Stbd side

 Preping and painting.........................

Cut-outs from the inside and backing plates.

This was an advantage that I hadn't counted on. The long storage space for boat poles and brush handles. Along with other stuff.

After painting...........................

Another cut-out and water tight port/window for better ventilation.

Add the access port and winch bases..........

Winch capstans and port cover.............

Start the layout of the Treadmaster.................

Also added a small winch for the roller furling. The mic is for a Standard Horizon (RAM mic).

 Treadmaster glued down. I found if you try to butt up two pieces that the seam will open up from the epoxy shrinking while drying. One piece was not long enough to go across the aft section.

View from front...................................

Laying in the removable seats and ladders.

Brackets for seats & ladders...............

I cut down the width and height of the ladders so the seats could fit in the ladder brackets with the seat  legs straight up/down. The legs tuck into the cockpit corner here.

View of the inside with a new wall board and hatches to access the new long storage space.

Move the hydraulics for back stay and mounted the traveller on top of the transom.

The old sheaves were having problems with chips and lubrication so I ordered new ones from Lewmar. Lewmar sent me these new sheaves but they were the wrong size and they wouldn't take them back. So I retro fit the traveler to take ball bearing sheaves, which are much better anyway!

Then I paid for a dodger and bimini from a local canvas maker

The side brackets was half ass so I made my own SS brackets to bolt thru the cabin that will not work loose.

It would take a 5# hammer to knock that loose. The 1/4" screw holding the tube end is the weak point. But there is enough metal that I can go larger if need be.


  1. Hi there, your work is incredible! I've never seen anything like this cockpit. I have a couple questions as i want to do some fiberglass/repainting on my boat? Its my first boat so Im slightly lost on the fiberglass/gelcoat/paint aspect. What do you use to paint the top sides? How do you replace gelcoat? Also, how do you prep it? What do you use in areas where you need traction as far as awl grip? How are you getting such an incredibly smooth finish?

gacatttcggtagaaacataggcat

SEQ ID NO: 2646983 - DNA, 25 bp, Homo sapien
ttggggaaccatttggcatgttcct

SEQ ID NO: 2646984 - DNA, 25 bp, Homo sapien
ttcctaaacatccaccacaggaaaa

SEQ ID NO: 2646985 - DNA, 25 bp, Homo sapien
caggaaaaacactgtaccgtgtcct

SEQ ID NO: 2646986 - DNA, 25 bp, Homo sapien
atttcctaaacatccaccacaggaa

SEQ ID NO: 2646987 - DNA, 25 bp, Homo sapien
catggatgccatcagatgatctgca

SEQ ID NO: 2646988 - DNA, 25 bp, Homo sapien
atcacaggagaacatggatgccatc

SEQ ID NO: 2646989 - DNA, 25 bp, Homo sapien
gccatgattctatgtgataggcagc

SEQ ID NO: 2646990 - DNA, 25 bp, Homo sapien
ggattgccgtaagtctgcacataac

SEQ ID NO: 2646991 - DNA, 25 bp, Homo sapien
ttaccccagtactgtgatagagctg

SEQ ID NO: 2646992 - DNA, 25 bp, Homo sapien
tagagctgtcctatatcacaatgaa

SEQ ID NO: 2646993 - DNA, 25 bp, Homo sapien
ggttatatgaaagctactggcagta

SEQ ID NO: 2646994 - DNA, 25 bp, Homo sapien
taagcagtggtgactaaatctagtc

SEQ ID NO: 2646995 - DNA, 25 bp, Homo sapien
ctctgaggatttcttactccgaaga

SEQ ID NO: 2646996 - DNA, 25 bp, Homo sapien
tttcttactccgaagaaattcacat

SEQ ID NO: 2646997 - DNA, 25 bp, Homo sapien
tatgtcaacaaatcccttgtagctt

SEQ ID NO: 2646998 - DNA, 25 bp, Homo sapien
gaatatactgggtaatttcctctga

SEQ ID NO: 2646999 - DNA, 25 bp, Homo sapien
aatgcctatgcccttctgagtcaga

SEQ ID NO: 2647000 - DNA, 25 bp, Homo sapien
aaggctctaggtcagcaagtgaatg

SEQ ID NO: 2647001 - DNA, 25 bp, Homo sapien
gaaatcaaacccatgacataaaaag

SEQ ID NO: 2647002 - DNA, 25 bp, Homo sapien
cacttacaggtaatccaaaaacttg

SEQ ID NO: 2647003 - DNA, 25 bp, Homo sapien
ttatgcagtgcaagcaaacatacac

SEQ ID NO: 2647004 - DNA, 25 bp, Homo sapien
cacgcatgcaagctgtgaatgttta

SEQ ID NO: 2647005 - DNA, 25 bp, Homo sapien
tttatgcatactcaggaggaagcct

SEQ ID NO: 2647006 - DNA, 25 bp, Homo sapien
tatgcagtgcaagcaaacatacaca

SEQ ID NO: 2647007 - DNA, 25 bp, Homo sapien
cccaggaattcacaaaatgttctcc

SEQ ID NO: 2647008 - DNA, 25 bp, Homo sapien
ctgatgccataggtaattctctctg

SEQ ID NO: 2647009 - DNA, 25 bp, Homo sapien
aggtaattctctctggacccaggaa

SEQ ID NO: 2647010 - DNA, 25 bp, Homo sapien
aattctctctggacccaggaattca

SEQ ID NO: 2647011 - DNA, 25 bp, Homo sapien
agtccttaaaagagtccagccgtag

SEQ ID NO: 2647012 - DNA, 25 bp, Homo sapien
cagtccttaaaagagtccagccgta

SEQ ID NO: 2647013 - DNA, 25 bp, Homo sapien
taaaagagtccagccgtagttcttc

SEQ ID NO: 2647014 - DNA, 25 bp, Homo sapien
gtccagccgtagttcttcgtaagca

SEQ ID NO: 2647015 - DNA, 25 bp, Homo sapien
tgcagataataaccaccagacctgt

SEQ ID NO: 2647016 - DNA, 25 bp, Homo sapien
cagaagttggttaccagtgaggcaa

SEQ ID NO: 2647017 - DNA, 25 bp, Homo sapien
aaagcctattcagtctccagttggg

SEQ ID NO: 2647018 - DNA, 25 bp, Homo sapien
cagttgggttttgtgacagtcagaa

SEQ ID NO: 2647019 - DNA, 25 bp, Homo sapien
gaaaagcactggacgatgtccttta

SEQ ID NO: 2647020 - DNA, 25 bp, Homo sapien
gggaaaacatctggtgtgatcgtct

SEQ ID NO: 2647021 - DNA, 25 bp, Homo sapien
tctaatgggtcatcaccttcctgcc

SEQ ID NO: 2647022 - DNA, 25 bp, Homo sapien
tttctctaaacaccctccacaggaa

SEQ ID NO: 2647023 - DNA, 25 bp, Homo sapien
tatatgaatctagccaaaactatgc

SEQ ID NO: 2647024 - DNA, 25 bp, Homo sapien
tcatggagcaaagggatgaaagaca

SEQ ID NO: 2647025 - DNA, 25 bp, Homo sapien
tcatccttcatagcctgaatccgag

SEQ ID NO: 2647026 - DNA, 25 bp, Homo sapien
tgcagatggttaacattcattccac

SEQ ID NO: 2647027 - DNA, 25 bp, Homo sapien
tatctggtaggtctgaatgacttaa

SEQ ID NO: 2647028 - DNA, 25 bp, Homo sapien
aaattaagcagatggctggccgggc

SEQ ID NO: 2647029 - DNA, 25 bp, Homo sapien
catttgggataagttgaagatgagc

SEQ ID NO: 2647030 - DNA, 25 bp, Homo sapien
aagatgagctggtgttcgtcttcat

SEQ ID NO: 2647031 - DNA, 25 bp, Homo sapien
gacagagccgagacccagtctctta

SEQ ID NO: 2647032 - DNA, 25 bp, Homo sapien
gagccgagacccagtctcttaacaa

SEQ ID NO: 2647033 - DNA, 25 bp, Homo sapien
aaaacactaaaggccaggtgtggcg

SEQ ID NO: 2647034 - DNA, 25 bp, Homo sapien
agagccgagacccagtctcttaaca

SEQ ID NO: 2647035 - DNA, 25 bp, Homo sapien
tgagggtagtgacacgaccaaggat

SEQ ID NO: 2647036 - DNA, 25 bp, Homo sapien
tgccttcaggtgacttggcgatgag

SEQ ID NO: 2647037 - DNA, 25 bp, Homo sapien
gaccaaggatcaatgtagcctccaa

Please keep more posts coming! I check this site all the time for new stuff and thanks for doing such a good job documenting it.

    1. Hi Sam,
      This boat was originally laid up on frames by hand so what gelcoat it had, has either been removed or painted over by now.

      For small areas gelcoat can be brushed on and lightly sanded and polished but it's a pain. Large areas are generally sprayed on in a tented area and then usually needs to be rubbed out for whatever gloss one desires.
      This vessel is all painted with Interlux Brightsides. The deck is the Interlux Interdeck mixed with a white and gray to match the Seattle gray cockpit and edgings.

      Sanding/finishing I use an orbital sander with 100 grit. The paint sticks real good and levels out enough for the smooth gloss.

      The paint is rolled on and tipped with a large fine brush. It takes two people to do a good job on the hull. One rolling the other tipping. Ya have to stay out of direct sun light and pick days with 75º F or less.

    2. Sam,
      The topsides are also painted with Interlux, but for the deck/nonskid I used the Interdeck series. They didn't have the Seattle Gray like what is used for the trim and cockpit, so I mixed a little gray with the white until I got a fairly close match.

      I don't like white. In the sunny climates it's hard on the eyes, and the light gray (Seattle Gray) doesn't have but just a little heat absorption. Awl grip is a NZ brand of nonskid, which is pretty good from what I hear. It's just too course to suit me.

      I haven't really put down much gelcoat except to repair some chips and cracks. But from what I understand, for large areas, it needs to be sprayed on just like paint and then rubbed out to a nice finish. I've only done small spots. Also one is not supposed to put gelcoat over epoxy.

      Prepping for any coat is usually sanding then cleaning with a dry solvent (acetone or MEK) except a painted serface. For a painted surface one should use a paint thinner for cleaning. Acetone or MEK will dissolve paint.

  2. This is great, do you use a foam brush or one with really fine bristles?